- Up to $2,000 in fines (or $10,000 if the victim is a public transportation worker)
- Up to 3 years in probation
Aggravated Assault and Battery
California law allows a prosecutor to pursue escalated charges of aggravated assault or battery in more serious cases. The prosecutor must show the presence of an “aggravating factor” to elevate the charges. An example of an aggravating factor in assault is when the defendant used a deadly weapon such as a knife in a deadly way. For aggravated battery, it all depends on the severity of the victim’s injuries. If the battery causes serious bodily injury, this can bump up a simple battery charge to a felony aggravated battery charge.
Whether a misdemeanor or felony, a criminal conviction becomes a permanent mark on your record, which can have severe implications for your future. With a criminal conviction on your record, getting a job, financial aid, applying for college, or even getting an apartment to rent could prove difficult. A knowledgeable and experienced attorney will know how good your chances are for a favorable outcome in court.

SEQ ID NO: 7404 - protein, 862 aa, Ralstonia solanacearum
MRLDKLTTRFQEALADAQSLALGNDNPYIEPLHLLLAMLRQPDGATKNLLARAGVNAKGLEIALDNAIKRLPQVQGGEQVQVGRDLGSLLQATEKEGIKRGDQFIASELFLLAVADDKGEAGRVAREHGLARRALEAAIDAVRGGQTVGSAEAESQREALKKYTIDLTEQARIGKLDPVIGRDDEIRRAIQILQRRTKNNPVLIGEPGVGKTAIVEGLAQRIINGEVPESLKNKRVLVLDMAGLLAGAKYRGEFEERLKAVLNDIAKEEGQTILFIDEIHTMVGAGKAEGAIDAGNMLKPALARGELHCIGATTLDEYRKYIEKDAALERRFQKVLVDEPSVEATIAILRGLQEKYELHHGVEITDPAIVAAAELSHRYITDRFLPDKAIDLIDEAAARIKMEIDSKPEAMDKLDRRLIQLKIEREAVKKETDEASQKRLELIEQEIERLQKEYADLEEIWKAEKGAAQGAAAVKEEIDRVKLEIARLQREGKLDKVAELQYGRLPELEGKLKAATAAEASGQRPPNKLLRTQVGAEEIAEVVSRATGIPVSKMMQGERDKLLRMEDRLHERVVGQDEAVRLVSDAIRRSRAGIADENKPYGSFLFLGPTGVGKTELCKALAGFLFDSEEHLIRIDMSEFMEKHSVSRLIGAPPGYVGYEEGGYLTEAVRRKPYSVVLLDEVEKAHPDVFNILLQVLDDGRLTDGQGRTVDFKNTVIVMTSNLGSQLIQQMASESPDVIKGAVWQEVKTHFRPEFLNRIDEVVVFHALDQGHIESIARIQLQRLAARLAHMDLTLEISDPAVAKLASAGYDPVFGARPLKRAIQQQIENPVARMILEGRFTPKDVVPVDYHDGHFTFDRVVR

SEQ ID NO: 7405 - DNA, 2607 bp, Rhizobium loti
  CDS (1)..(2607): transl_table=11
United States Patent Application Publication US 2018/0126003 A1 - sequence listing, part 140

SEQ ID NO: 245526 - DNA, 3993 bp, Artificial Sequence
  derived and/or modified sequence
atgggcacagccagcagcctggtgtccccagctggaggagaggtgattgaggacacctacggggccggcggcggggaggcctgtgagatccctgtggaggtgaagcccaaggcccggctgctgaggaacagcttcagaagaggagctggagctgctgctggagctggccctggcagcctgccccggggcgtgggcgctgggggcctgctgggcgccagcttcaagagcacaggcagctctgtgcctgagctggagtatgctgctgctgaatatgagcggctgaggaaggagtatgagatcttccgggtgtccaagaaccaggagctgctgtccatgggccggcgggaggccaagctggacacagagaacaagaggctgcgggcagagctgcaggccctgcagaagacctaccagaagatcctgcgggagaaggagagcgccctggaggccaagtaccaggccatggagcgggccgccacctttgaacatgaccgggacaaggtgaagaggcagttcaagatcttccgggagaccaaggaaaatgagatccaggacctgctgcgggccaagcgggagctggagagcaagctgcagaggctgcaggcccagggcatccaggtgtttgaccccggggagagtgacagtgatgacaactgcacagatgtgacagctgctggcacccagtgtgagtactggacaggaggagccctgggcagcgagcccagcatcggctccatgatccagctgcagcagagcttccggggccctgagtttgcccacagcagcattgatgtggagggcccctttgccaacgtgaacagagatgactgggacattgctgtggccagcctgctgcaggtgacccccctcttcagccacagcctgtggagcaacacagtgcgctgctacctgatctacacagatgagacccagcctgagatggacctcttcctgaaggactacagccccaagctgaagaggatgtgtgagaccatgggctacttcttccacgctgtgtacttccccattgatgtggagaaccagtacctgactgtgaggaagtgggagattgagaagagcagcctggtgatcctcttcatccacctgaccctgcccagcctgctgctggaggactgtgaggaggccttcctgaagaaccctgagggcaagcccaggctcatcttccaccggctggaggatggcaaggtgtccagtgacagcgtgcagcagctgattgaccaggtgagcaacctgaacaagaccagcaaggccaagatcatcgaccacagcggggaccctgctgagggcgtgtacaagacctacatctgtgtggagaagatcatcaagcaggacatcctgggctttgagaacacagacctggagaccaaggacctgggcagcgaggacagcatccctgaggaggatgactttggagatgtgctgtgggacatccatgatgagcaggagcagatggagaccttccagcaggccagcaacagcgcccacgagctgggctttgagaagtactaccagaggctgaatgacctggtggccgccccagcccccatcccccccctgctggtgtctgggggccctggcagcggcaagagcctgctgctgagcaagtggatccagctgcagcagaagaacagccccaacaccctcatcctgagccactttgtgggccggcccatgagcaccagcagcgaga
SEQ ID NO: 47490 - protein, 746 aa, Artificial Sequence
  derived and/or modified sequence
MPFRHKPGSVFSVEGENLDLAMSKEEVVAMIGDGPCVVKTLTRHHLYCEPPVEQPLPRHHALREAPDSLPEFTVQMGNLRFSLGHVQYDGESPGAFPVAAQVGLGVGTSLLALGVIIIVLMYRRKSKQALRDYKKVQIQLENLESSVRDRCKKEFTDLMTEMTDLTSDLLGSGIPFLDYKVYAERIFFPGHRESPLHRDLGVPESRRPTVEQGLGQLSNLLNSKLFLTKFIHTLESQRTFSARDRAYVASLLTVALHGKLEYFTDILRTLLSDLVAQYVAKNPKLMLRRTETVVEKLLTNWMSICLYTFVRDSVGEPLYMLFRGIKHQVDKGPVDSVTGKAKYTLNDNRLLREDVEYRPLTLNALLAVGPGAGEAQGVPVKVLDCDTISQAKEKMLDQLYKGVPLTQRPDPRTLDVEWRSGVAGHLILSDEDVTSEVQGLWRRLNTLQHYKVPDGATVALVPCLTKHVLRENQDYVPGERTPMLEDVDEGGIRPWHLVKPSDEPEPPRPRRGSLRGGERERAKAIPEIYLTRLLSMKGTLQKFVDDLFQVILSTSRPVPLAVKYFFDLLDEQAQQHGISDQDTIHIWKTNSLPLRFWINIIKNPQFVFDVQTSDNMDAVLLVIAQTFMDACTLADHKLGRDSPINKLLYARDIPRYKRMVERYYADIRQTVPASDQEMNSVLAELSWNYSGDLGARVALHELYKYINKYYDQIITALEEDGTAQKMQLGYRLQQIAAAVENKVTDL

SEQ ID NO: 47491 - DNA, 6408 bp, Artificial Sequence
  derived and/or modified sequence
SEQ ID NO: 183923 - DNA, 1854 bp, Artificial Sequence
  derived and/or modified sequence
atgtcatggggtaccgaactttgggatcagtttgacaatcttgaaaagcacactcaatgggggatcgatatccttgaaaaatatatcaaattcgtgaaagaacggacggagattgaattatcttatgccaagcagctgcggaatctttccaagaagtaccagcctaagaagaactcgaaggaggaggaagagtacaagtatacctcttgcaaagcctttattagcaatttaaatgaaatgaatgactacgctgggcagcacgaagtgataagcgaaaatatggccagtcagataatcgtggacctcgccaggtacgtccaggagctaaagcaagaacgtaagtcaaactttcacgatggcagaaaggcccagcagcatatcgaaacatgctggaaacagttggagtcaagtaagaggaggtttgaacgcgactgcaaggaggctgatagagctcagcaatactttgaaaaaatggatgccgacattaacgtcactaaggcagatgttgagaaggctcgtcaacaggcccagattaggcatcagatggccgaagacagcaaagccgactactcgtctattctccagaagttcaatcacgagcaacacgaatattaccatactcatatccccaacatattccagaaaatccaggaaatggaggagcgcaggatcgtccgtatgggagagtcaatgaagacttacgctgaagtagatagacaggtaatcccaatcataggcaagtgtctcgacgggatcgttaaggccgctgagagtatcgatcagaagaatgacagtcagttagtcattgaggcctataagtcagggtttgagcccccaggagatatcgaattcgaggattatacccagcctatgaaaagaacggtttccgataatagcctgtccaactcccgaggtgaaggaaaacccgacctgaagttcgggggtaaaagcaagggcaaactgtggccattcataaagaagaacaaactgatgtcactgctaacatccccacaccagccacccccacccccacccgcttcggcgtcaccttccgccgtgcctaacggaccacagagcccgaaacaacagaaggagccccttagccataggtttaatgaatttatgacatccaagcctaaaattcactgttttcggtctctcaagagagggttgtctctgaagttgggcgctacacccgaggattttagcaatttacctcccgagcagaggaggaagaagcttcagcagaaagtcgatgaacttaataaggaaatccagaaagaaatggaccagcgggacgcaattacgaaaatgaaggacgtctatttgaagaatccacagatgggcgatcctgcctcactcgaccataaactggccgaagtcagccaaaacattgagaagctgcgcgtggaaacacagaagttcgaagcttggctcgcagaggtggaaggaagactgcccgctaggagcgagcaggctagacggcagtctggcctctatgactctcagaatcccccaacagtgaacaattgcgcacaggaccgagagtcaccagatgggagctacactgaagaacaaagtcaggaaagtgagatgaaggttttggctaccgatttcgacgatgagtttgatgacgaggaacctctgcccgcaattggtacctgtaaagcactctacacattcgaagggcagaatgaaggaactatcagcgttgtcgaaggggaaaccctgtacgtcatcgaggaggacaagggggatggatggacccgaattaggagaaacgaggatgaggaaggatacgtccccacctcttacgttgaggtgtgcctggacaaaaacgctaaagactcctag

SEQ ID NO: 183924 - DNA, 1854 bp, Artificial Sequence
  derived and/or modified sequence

Attorney Alison Saros fights for her clients aggressively to ensure the best possible outcome. Saros Law APC has preserved its clients’ freedom and liberty for years. Contact us today at (310) 341-3466 to talk about your case and the options you have available.
Assault with a Deadly Weapon
Under California Penal Code 245(a)(1), assault with a deadly weapon happens when the defendant assaulted another using a deadly weapon or force likely to cause bodily injury. Assault with a deadly weapon is a wobbler offense where the prosecution can pursue felony or misdemeanor charges, depending on the case. If convicted for felony assault with a deadly weapon, you may be subjected to a maximum of 4 years in state prison and/or a fine of up to $10,000.
Great Bodily Injury
Battery causing great bodily injury is one of the more severe offenses under section 243(d) of the Penal Code. This is a wobbler offense which means defendants can receive either a felony or misdemeanor conviction. Battery causing great bodily injury carries all the key elements of a simple battery charge, with the added condition that the act has to result in “great bodily injury.”